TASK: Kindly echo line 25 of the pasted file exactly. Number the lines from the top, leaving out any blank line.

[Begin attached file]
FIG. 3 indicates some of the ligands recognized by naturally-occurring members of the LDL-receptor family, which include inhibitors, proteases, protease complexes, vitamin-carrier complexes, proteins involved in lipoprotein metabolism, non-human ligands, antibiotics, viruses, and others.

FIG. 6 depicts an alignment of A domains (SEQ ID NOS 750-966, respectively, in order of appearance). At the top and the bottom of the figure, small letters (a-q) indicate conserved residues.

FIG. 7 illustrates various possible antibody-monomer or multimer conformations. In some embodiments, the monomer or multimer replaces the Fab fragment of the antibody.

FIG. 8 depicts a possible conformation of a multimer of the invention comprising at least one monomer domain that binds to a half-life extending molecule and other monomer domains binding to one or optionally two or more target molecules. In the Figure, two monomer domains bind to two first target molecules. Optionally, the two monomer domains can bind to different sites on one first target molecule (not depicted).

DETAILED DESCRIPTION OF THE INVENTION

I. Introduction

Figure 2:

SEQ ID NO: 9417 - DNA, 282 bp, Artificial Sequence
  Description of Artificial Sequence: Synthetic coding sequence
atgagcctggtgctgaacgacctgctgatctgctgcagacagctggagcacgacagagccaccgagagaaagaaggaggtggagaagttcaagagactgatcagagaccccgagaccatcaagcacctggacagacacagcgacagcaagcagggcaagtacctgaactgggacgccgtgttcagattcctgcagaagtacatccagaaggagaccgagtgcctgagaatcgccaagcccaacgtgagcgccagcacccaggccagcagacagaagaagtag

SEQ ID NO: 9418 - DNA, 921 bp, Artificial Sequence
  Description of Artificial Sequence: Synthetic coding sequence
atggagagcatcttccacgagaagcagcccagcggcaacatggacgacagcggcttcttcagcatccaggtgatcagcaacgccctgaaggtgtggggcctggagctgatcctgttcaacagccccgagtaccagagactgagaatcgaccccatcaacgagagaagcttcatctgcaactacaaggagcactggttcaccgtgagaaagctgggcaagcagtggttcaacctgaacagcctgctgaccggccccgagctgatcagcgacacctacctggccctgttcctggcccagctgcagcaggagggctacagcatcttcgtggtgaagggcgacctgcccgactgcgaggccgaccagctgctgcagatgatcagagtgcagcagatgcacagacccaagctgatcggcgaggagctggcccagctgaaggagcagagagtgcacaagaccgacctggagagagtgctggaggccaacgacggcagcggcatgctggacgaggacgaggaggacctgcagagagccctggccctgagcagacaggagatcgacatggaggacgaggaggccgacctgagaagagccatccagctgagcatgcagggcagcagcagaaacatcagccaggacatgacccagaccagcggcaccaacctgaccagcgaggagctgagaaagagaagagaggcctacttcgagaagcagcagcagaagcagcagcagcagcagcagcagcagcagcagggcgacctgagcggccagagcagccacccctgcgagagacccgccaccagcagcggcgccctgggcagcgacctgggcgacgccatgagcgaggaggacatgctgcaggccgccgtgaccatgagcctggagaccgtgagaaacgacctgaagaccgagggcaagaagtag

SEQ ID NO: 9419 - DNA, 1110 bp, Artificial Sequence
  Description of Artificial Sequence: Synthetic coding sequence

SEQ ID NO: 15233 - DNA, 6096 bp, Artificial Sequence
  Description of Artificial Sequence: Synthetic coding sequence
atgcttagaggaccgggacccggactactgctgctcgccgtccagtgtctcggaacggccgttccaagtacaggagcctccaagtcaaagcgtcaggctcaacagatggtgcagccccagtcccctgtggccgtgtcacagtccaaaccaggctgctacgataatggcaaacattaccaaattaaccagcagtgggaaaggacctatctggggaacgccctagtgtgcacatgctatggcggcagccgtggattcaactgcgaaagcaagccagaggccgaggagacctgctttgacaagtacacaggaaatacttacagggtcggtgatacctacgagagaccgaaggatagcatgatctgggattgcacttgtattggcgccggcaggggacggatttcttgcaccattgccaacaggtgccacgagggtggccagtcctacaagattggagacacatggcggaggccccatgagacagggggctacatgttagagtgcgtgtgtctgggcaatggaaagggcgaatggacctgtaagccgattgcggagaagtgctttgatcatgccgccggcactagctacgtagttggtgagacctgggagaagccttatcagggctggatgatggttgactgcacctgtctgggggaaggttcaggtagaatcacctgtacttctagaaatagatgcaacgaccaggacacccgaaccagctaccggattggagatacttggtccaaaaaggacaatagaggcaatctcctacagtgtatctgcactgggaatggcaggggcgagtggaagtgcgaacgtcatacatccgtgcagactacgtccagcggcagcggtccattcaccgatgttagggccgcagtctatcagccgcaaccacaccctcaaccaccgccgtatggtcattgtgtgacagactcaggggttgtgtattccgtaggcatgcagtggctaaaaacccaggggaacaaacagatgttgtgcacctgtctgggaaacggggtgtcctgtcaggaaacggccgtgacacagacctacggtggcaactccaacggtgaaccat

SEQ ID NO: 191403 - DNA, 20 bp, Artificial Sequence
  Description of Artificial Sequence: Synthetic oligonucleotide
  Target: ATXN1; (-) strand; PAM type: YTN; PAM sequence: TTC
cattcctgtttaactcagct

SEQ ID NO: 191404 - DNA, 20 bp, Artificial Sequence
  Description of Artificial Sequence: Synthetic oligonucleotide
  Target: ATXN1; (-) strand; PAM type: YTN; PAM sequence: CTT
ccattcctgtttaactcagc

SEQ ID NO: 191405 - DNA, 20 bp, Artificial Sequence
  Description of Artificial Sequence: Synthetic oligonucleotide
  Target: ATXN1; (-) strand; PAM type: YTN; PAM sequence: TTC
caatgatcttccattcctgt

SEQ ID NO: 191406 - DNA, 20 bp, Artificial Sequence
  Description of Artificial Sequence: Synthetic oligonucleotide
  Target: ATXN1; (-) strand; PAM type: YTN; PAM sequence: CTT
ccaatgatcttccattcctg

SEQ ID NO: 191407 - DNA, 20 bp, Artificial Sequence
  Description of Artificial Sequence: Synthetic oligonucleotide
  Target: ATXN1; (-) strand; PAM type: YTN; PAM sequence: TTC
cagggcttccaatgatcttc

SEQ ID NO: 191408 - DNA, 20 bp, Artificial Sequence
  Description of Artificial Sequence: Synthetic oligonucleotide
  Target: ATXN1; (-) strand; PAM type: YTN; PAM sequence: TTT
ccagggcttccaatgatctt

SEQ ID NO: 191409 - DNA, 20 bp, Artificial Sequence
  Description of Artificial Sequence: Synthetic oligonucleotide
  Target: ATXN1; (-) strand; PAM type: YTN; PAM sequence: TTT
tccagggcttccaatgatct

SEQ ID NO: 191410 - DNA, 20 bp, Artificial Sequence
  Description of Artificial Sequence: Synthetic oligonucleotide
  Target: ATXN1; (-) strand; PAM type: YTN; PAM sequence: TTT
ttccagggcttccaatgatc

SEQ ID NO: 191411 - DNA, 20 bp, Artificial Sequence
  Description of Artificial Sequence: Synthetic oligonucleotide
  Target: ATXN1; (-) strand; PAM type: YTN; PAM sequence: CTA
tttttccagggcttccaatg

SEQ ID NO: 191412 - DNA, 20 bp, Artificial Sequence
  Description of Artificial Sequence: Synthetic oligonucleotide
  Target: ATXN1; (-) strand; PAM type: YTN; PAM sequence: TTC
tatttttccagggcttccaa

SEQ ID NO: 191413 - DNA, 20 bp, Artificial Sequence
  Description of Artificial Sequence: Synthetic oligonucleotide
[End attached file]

  Target: ATXN1; (-) strand; PAM type: YTN; PAM sequence: CTT